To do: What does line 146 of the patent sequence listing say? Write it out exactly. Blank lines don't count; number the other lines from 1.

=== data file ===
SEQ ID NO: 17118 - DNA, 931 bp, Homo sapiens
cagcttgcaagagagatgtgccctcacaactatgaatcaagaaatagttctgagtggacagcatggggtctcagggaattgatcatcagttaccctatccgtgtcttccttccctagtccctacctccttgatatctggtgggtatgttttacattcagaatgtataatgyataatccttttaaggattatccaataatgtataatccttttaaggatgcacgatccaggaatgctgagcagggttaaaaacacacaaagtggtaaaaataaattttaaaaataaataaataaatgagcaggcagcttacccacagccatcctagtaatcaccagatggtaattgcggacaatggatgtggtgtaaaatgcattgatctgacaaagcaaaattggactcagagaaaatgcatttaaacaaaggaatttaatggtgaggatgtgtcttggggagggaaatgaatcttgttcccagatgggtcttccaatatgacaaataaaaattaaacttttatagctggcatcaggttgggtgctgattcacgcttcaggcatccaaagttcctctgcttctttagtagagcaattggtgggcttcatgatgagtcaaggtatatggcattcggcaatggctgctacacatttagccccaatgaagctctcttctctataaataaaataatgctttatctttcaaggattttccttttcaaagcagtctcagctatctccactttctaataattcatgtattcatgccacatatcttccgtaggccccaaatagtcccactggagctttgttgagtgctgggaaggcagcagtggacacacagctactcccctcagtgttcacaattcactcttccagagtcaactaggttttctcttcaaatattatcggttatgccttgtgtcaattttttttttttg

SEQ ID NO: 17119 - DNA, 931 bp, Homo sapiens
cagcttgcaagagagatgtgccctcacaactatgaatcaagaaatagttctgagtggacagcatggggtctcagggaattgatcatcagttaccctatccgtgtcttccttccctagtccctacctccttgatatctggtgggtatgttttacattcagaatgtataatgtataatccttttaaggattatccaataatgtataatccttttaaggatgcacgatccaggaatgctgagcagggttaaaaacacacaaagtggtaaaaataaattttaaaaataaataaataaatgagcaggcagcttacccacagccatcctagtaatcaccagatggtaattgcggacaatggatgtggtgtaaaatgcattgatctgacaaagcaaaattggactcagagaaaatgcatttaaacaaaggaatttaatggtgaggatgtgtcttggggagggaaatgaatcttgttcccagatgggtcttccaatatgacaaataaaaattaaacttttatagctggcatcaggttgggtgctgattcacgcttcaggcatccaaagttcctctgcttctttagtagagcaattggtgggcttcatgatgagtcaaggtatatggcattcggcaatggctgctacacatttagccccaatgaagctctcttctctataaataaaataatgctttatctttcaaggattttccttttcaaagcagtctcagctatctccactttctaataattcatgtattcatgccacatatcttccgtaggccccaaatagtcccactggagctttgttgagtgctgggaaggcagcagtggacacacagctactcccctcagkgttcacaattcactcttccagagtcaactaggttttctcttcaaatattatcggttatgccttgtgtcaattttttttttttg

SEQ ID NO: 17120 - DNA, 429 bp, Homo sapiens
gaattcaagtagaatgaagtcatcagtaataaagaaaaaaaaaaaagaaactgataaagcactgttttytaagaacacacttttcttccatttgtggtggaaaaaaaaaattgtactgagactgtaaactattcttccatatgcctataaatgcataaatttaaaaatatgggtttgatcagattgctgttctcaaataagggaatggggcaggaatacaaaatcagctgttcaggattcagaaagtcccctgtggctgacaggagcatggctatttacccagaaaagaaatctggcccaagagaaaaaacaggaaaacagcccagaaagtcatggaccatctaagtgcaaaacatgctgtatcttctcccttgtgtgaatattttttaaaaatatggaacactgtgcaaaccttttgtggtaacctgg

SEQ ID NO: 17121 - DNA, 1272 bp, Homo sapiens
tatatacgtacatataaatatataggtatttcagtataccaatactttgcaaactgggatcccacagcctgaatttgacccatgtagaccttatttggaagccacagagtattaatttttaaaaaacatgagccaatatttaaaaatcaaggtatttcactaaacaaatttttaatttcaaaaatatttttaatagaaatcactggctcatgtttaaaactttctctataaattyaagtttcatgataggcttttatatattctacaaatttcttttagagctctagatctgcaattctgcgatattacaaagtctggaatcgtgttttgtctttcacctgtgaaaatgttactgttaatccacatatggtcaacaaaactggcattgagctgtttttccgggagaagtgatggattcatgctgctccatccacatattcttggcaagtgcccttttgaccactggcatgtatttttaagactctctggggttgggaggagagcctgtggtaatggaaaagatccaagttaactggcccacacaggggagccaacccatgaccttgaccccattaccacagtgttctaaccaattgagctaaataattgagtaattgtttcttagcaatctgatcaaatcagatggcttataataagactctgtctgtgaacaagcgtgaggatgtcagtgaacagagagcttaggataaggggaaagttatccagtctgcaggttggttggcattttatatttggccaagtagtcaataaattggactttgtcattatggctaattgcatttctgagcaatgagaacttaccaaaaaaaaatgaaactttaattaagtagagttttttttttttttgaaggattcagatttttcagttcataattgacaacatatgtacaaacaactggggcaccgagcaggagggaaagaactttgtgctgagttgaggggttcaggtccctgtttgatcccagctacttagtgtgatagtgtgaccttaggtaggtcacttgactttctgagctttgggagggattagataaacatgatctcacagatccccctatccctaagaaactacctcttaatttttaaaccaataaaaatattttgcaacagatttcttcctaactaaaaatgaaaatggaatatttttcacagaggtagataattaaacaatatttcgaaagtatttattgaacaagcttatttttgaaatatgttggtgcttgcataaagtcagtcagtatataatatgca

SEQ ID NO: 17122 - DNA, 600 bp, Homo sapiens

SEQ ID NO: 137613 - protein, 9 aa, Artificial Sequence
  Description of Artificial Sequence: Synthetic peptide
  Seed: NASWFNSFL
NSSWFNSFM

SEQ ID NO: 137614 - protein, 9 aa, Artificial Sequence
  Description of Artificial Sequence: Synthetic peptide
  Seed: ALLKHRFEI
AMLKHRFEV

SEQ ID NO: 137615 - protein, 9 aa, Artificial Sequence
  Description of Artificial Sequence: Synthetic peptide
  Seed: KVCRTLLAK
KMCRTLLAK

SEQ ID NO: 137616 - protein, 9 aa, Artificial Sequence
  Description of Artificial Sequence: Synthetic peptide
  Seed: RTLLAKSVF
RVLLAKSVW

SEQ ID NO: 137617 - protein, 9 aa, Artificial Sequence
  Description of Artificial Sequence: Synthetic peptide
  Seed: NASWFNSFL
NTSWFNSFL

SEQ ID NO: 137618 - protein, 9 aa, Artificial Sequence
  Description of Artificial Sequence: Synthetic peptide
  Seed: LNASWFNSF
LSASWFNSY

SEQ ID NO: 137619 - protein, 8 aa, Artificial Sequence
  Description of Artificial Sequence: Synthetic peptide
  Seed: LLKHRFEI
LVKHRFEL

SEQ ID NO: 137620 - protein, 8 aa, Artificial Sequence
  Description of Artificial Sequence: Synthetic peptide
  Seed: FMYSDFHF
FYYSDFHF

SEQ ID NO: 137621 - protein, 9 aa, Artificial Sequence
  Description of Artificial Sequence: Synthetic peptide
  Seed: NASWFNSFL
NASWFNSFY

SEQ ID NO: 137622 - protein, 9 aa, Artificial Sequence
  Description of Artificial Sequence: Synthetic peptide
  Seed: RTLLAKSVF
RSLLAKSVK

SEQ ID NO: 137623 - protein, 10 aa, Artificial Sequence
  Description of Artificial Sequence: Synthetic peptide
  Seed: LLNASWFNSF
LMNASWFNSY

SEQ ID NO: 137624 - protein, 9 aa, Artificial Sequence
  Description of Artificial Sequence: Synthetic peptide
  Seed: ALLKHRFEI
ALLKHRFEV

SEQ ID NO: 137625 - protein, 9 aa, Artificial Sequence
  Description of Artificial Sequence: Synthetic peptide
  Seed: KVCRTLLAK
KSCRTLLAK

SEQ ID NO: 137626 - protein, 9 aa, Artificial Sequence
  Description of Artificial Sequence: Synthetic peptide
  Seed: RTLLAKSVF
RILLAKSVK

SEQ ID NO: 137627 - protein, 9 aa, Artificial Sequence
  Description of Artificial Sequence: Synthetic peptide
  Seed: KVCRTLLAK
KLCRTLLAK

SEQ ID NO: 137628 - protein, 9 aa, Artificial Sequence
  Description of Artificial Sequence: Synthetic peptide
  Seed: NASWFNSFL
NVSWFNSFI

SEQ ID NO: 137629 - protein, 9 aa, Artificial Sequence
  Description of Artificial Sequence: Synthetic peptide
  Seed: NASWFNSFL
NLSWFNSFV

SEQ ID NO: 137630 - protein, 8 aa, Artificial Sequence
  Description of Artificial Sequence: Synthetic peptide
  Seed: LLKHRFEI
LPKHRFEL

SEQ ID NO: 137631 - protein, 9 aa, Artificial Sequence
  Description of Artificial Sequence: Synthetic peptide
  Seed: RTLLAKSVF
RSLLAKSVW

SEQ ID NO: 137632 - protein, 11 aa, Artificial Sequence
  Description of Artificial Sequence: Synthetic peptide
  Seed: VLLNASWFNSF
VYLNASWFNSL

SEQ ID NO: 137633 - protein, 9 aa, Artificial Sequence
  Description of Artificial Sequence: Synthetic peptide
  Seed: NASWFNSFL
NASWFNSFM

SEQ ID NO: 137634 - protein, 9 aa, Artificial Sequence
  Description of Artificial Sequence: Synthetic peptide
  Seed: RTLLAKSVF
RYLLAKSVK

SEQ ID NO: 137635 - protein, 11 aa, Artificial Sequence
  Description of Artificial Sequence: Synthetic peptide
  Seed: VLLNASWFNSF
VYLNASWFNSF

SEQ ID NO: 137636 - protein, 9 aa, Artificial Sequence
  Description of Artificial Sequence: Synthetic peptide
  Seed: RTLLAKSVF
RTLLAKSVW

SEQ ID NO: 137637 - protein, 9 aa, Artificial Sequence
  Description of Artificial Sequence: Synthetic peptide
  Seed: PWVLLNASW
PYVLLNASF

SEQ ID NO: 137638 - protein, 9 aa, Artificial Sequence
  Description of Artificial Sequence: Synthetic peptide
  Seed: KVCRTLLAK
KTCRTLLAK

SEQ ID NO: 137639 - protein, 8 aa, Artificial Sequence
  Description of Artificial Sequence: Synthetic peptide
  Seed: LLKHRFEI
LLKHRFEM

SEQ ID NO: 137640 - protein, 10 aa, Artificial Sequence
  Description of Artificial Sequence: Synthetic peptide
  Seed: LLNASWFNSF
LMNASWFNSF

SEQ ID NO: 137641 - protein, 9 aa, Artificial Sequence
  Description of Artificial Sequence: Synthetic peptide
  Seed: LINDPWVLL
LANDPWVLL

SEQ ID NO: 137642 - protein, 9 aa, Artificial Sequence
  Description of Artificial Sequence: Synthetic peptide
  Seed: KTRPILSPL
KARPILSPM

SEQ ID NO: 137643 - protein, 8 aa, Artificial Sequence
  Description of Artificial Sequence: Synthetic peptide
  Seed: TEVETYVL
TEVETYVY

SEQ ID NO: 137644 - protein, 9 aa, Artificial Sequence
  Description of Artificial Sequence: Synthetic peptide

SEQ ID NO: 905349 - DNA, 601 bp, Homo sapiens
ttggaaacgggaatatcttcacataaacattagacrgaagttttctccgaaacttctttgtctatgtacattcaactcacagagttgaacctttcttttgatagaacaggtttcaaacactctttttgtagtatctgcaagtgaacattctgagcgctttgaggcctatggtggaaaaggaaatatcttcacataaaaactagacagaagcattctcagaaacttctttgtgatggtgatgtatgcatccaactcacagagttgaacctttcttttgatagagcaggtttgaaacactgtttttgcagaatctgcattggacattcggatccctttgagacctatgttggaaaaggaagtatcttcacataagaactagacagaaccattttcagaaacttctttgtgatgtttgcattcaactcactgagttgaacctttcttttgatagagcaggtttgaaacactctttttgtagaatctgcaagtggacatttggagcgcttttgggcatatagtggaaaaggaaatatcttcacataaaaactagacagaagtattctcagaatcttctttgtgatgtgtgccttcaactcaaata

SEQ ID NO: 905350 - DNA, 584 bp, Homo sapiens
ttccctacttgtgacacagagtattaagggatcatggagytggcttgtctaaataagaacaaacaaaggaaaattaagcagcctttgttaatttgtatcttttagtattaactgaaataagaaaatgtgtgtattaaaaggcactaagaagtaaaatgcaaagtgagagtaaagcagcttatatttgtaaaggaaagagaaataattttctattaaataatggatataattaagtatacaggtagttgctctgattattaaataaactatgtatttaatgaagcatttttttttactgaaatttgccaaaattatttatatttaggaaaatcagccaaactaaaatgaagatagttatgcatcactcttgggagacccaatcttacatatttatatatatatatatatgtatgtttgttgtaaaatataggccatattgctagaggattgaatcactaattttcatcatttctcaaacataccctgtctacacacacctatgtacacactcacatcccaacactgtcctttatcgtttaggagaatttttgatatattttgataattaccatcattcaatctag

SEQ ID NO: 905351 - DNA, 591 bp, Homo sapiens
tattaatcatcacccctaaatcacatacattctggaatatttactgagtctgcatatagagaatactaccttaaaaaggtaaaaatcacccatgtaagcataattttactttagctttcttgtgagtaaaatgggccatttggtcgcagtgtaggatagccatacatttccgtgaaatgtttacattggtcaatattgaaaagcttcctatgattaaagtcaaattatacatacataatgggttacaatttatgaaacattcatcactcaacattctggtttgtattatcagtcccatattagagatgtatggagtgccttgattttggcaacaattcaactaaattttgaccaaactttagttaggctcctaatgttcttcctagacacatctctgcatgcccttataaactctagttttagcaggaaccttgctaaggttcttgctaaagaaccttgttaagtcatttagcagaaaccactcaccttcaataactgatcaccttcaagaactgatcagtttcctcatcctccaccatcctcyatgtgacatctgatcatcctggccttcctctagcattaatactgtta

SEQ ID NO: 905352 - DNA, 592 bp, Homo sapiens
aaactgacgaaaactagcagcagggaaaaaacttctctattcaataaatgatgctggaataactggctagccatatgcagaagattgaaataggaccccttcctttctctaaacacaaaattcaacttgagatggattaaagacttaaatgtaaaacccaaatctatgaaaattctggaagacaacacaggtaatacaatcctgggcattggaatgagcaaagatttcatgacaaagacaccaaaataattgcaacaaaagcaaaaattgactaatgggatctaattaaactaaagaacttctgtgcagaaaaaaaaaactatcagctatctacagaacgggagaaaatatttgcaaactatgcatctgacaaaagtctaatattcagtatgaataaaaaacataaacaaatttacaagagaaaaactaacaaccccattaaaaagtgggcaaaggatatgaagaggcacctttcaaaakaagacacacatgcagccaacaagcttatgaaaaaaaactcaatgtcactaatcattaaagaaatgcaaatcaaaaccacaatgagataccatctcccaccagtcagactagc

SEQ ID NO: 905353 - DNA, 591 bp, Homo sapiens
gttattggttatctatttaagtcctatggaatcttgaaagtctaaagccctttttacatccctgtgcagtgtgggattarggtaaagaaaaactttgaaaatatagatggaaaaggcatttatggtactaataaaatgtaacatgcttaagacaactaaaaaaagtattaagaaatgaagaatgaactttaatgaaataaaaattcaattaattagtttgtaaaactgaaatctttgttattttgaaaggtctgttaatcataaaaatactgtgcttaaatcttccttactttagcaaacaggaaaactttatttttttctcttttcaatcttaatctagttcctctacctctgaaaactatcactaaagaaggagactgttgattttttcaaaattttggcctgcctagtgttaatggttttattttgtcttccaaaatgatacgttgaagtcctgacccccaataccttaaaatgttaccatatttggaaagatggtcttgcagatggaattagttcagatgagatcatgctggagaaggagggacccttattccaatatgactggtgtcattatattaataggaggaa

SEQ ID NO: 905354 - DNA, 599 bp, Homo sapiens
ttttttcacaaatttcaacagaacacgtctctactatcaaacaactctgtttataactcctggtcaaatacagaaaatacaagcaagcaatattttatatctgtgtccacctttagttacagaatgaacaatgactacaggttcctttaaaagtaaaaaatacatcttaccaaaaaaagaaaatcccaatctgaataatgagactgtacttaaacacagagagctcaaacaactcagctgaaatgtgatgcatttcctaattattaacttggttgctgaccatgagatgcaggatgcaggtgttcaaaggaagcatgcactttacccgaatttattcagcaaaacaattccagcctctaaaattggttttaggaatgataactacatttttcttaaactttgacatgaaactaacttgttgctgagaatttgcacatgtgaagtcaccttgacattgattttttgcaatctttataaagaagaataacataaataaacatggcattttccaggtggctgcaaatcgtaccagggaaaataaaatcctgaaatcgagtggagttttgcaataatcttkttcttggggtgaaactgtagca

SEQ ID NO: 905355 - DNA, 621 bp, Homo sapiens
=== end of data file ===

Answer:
SEQ ID NO: 905354 - DNA, 599 bp, Homo sapiens